The Fray Gets Serious

Lead singer Isaac Slade learned early on to write and sing about things that matter

October 26, 2006|By Sam Sessa | Sam Sessa,Sun Reporter

Women have had a profound effect on the Fray.

Last November, a couple of months after the piano rock band's debut album dropped, lead singer and pianist Isaac Slade sat down with his future wife and talked about what was to come.

No one knew how big the Fray would get, but Slade was already afraid of how far success might take him from her.

"I remember vividly: She said, `You have to try your hardest, because the more successful you are, the more control you get,'" Slade, 25, recalled. "And that's exactly what happened. From that day forward, I remember that was a big turning point for me."

And for the band as well.

Slade was married this spring, two of the Fray's hit singles ("Over My Head (Cable Car)" and "How to Save a Life") tore up the charts, its music was featured on a few TV shows and album sales hit 1 million this month.

Almost every date on its latest tour of ballrooms and theaters has sold out - some more than a month in advance. DAR Constitution Hall, where the Denver-based group plays Saturday, filled up about a week after tickets went on sale.

Before the Fray became a band, another important woman in Slade's life influenced his future. He was in college studying engineering when his mother intervened.

"Mom sat me down and said, `This isn't what you want to do,'" Slade said. "'You're a musician. You can sing. You have a voice. You ought to do something with it.'"

Slade's mother persuaded him to look into a different major, quit his job and start the band, he said. His parents recognized and promoted his talents early on, he said.

"Since I was a little kid, they've been encouraging me to sing and do music," Slade said.

Growing up, Slade played and sang in church - where music is performed and shared by more than one person.

"You're always singing these songs that are built for other people to sing along with you, and I think that has a lot to do with our vibe," Slade said. "Our songs are pretty simple. ... We're not Tool. We're definitely a lot more approachable, a lot more singable."

Though the Fray is not a Christian band, religion influences the way Slade writes music. This part of Slade's upbringing taught him to lend more meaning and content to his music, he said.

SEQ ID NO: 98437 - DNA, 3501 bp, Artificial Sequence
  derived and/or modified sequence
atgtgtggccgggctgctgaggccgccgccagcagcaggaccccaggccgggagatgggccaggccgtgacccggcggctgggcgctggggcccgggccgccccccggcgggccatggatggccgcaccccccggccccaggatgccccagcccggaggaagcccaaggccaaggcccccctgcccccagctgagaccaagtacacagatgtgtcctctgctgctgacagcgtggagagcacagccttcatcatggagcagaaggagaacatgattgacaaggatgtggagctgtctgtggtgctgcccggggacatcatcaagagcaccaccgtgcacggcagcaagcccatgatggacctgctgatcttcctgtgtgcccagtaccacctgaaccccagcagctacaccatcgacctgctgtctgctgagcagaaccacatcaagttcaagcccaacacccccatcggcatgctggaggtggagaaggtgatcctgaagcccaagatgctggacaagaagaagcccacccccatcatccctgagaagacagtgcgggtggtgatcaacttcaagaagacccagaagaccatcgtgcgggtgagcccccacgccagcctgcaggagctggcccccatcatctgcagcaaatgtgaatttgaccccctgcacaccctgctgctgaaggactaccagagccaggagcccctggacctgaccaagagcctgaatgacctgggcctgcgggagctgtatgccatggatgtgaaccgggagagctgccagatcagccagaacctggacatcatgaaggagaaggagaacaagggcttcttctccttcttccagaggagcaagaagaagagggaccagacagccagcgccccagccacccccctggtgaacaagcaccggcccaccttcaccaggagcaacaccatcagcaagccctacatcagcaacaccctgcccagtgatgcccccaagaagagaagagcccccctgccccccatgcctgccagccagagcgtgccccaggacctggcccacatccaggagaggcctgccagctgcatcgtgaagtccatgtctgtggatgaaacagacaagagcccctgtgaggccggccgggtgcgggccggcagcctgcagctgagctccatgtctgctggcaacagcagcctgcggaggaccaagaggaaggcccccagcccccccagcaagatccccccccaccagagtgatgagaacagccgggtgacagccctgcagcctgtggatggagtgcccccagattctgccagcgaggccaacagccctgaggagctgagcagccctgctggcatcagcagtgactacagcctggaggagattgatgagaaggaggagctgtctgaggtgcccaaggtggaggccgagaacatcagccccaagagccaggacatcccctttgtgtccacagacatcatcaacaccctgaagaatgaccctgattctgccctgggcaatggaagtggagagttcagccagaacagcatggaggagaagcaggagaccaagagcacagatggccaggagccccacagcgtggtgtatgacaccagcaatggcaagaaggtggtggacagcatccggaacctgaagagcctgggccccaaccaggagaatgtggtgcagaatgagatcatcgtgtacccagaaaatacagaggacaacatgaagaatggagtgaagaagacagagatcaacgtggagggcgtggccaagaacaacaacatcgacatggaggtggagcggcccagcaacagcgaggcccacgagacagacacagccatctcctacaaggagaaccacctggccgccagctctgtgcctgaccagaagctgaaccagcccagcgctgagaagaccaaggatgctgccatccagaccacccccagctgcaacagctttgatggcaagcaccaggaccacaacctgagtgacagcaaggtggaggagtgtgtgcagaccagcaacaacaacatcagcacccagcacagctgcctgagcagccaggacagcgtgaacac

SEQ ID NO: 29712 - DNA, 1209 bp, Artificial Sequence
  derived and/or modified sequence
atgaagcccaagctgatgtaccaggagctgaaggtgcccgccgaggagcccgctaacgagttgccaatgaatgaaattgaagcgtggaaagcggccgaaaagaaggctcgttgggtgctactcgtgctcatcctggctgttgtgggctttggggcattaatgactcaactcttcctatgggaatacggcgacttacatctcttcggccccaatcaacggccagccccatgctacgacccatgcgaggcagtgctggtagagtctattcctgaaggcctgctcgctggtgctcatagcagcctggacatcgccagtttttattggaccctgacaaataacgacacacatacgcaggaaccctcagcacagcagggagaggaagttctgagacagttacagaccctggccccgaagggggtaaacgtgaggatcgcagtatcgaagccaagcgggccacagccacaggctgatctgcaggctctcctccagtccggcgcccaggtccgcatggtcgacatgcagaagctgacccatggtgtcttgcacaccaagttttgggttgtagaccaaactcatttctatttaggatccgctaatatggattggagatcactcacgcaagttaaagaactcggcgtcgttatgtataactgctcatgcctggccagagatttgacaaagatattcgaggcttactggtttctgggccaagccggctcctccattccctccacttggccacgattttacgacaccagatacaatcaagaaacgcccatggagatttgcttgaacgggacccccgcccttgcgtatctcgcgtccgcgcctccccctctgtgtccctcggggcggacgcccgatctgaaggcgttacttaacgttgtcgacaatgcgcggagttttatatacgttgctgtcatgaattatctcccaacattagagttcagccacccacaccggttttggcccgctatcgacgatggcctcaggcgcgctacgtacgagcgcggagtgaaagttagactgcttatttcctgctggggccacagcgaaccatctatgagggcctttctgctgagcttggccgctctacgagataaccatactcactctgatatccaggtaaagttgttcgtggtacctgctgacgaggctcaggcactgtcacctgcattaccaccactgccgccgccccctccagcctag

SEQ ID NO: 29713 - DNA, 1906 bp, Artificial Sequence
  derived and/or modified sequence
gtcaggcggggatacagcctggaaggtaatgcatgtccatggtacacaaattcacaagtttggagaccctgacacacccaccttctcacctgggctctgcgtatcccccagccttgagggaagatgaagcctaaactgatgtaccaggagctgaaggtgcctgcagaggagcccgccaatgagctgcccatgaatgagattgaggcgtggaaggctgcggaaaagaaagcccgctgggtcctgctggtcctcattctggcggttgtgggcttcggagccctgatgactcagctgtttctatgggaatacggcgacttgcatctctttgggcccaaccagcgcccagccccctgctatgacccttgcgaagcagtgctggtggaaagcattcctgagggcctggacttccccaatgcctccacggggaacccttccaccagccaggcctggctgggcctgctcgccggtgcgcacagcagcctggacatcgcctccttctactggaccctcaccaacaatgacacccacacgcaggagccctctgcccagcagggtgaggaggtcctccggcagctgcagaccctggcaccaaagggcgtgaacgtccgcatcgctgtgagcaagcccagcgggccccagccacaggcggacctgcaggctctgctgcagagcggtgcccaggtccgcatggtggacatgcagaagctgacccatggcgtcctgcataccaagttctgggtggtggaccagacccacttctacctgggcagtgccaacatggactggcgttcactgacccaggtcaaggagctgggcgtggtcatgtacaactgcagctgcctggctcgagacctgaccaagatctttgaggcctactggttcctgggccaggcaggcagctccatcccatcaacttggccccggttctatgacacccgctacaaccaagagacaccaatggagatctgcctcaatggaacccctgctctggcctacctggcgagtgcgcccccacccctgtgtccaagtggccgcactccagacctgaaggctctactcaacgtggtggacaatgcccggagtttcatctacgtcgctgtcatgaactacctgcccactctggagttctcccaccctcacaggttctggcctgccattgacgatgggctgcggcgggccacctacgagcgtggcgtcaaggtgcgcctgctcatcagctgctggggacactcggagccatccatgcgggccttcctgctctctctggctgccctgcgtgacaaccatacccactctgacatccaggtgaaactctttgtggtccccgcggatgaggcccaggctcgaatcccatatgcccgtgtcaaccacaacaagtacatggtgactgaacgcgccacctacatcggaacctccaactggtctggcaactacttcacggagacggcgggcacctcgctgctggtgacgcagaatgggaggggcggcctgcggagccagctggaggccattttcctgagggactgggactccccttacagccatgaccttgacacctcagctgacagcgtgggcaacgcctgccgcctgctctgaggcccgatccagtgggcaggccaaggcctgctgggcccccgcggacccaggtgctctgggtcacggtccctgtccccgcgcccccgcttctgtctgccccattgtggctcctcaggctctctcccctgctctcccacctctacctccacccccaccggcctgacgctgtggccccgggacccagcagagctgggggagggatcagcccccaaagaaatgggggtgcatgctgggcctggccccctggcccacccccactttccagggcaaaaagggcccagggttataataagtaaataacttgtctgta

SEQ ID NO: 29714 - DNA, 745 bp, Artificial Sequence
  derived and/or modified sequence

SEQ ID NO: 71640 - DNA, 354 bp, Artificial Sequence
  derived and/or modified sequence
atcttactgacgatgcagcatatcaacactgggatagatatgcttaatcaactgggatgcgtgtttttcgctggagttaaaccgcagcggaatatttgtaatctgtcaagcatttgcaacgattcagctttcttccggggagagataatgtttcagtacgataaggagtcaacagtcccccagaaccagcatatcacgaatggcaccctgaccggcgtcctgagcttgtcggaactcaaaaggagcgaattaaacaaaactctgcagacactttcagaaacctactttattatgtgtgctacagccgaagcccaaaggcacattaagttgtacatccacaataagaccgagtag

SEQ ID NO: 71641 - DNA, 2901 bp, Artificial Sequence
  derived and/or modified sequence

"It forced me to always put something in the song that I care about a lot," he said.

The album's first single "Over My Head (Cable Car)," which had a headlock on pop-rock radio stations all summer, is a great example. Slade's once-rocky relationship with his brother Caleb (whose nickname is Cable Car) inspired most of the song's lyrics. Caleb used to play bass in the band but was kicked out early on.

Since Caleb's departure, Slade, guitarists Joe King and Ben Wysocki and drummer Dave Welsh have not named a permanent replacement. Instead, they've rotated a few bassists in the position for recording and touring. They're not pushing the issue any time soon, Slade said.

"We might revisit it again, but most importantly to us, the guy that's playing bass right now is content with his position," he said. "If he was weirded out by it, we'd have to figure something out, but he's cool, we're cool and, so far, the fans have been cool, too."

"How to Save a Life," the album's title track and second single, is currently dominating radio. Slade based the tune on his experience mentoring a 17-year-old crack addict. The song has touched fans in ways the band never expected. One family, after losing a son in a car accident, started a nonprofit organization called Save a Life.

Strangely, parts of both hit singles - but none of the album's other tracks - came from Slade's dreams.

Years ago, Slade dreamt he was walking into a bathroom at a restaurant. Just then, his friend walked out, took Slade aside in the hallway and said, "There's eight seconds left in overtime, she's on your mind."

"I was like, `OK,'" Slade said. "I went in the bathroom and woke up and wrote it down."

The line later became part of the chorus to "Over My Head." Slade also dreamt the lullaby-like piano part in "How to Save a Life."

Now that the band has started writing songs for a follow-up, Slade is watching his back, half-expecting his band mates to dose him with sleeping pills for extra inspiration.

"I'm taking very, very close looks at the drinks they're giving me just to make sure they're not slipping something in there to fuel the fire," Slade said.

While there's no set timetable for releasing the next album, Slade and the others are hashing out some new material. They write riffs and share ideas on the tour bus and toy with them at sound checks, he said. It's quite a change from their days spent at odd jobs in Denver, writing in their spare time.

"It's a different life," Slade said. "We're not working at Starbucks anymore trying to think of ideas while we're making coffee. We're sort of shifting that into a more professional, gypsy sense."

One of Slade's goals with the Fray is to eventually tour three months of the year and be able to stay home the rest of the time with his family.

"I think real success is how much time I can spend with my wife and still manage to pay the bills," Slade said.

The Fray plays DAR Constitution Hall on Saturday. The show is sold out.

sam.sessa@baltsun.com

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